The middle class may be the foundation upon which the United States was built, but a number of recent studies suggest the working class is being left in the dust.
A study from the Pew Research Center in December showed that middle-class Americans are no longer in the majority. Whereas in 1971 middle class Americans totaled 80 million, and lower- and upper-income classes combined equated to 51.6 million, the 2015 data looks far different. As of last year, 120.8 million adults were in the middle class ßß but this figure now takes a back seat to the 121.3 million combined lower- and upper-income households. Aggregate wealth for middle-class households is also shrinking according to Pew’s research, from 62% of all wealth in 1970 to just 43% as of 2014.
A number of other publications also concurred with the idea that the middle-class is in decline, including publications from Brookings, Fortune, and The New York Times.
However, one report released last year highlighted a middle class statistics so shocking that you’ll probably do a double-take.
One chart every middle class American needs to see
The 2015 Credit Suisse Global Wealth Report is now in its sixth year of examining and analyzing wealth across the world in order to get a better understanding of wealth creation, consumption, saving, and asset allocation. Every year Credit Suisse picks a specific wealth topic to focus on, and in 2015 it was the middle class.
Having the largest GDP of any other country, it’s not surprising to find that the middle class in the U.S. also has the highest total wealth in U.S. dollars at $16.85 trillion. The next-closest are Japan, China, and the U.K. at $9.72 trillion, $7.34 trillion, and $6.19 trillion, respectively.
Now here’s where things get interesting…
Credit Suisse also looked at what percentage of wealth the middle-class comprised within a country. Of the 21 countries individually examined, here were the results:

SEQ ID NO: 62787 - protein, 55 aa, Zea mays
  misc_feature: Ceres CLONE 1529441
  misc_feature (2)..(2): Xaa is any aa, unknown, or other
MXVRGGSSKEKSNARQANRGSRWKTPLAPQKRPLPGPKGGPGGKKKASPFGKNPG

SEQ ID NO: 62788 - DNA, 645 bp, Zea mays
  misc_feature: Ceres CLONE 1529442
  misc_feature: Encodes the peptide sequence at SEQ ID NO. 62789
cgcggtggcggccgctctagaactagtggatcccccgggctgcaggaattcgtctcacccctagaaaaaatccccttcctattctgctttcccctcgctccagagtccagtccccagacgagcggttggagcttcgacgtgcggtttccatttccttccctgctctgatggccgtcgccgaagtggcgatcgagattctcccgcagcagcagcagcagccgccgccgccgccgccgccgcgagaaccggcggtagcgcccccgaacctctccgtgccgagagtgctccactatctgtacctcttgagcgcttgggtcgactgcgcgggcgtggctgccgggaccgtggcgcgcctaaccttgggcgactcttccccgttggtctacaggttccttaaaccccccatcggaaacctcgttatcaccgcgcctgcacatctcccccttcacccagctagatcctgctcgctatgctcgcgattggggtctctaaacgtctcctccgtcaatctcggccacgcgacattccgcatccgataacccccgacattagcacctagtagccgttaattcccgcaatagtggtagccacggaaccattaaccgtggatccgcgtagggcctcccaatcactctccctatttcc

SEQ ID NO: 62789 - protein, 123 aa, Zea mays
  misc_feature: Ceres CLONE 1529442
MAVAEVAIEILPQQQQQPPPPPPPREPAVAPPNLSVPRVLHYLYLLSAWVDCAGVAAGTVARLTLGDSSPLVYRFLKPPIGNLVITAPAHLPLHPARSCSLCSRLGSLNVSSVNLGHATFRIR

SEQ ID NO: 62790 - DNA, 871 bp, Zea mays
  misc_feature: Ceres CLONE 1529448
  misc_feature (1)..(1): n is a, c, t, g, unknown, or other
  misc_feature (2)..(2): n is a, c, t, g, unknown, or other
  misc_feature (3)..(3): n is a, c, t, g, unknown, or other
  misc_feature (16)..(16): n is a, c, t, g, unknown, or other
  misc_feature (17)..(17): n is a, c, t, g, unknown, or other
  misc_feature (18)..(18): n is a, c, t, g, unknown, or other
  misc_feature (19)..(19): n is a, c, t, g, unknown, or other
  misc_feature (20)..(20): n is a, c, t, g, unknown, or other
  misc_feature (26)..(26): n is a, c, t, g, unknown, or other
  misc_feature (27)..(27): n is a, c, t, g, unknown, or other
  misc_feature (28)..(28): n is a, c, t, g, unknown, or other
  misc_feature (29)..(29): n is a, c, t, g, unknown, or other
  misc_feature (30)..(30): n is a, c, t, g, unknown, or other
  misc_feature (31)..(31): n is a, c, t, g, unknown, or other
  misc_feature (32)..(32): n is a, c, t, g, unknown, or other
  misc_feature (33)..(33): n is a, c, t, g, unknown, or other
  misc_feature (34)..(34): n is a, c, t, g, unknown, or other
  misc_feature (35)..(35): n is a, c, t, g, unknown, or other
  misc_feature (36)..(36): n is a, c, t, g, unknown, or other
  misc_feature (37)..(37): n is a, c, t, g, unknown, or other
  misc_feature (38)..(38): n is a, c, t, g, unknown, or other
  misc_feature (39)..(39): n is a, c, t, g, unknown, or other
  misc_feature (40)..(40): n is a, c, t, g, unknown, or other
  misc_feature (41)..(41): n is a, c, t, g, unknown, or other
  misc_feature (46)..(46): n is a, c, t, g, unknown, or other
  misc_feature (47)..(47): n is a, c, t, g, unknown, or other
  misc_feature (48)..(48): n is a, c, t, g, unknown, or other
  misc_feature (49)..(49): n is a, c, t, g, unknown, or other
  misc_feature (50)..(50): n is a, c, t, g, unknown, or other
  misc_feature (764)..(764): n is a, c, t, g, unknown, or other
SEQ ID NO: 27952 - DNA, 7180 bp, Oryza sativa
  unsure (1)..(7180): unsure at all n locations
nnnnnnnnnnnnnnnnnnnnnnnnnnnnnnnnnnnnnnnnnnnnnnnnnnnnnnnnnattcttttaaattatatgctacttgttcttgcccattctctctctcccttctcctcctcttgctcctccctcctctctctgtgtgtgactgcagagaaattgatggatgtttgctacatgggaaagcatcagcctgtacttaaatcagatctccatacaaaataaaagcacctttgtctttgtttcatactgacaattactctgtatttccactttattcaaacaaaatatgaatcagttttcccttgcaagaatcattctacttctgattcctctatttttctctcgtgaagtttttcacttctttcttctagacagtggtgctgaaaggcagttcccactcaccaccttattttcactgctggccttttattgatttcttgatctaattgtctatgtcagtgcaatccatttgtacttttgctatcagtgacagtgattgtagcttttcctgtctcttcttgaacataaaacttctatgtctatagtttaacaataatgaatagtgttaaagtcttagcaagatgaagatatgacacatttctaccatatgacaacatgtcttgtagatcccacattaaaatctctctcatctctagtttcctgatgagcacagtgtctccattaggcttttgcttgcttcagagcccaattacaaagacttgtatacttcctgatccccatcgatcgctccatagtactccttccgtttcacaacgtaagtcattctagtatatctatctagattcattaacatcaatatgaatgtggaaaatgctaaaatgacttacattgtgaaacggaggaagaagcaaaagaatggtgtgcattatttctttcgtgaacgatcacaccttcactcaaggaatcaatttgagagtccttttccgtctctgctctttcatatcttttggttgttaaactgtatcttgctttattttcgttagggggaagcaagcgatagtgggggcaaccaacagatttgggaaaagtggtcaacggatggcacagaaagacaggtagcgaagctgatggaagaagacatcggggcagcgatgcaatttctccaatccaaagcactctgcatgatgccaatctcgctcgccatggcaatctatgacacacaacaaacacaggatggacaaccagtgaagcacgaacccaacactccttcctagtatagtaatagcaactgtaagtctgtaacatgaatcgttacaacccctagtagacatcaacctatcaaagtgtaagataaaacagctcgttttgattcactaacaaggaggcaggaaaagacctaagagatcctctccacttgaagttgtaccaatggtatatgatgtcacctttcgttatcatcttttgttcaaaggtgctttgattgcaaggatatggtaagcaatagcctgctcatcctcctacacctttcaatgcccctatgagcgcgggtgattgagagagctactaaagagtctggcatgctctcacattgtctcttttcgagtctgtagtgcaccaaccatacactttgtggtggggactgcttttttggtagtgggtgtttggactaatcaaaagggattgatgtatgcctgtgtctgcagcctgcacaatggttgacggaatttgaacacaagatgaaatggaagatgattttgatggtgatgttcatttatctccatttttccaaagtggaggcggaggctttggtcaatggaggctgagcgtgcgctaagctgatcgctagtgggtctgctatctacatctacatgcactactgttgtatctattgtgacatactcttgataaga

No, your eyes aren’t deceiving you. As a percentage of total country wealth, the U.S. middle class accounted for the lowest share of wealth among developed countries, such as Germany and France, as well as emerging markets like China, India, and Brazil.
Why middle class wealth is withering away
Why do U.S. households have so little net wealth relative to the total wealth of the country as a whole? It looks to be a number of factors at play.
First, the housing bubble from late last decade really sapped the net worth out of middle-class households. Although home prices have recovered from their lows, some areas have recovered slower than others. The housing price collapse is still fresh in many Americans’ minds, and many fear overreaching on home prices even in today’s growing economy.
Secondly, access to credit is arguably easier in the U.S. than in many other regions of the world. During the housing boom in the mid-2000s, this was a great way for middle-class families to grow their wealth. However, the housing bubble, combined with high debt levels, have chipped away at middle-class household wealth.
A third issue? Stagnant wage growth. According to data from the U.S. Census Bureau, median household income has actually dropped by roughly $5,000 since 1999 to a median of $51,017 as of 2012. Pew Research pointed out that in spite of nominal wage growth of 727% between 1964 and 2014, in constant 2014 dollars (meaning when taking inflation into account) real wage growth has totaled just 7.8% over 50 years. College tuition, medical care, and even fuel costs have risen at a faster pace, thus diminishing the buying power of the middle class.
Fourth, there’s quite an income gap between the richest Americans and the middle class in the United States. According to CNN, the U.S. has 42% of the world’s millionaires, and basically half (49%) of all people with $50 million or more in assets. These super rich Americans certainly skew the results.
Finally, near record-low lending rates aren’t helping. The middle class, which was hammered by the stock market decline during the Great Recession, has few avenues of safety to turn to with CD and money market rates losing to an already reduced inflation rate.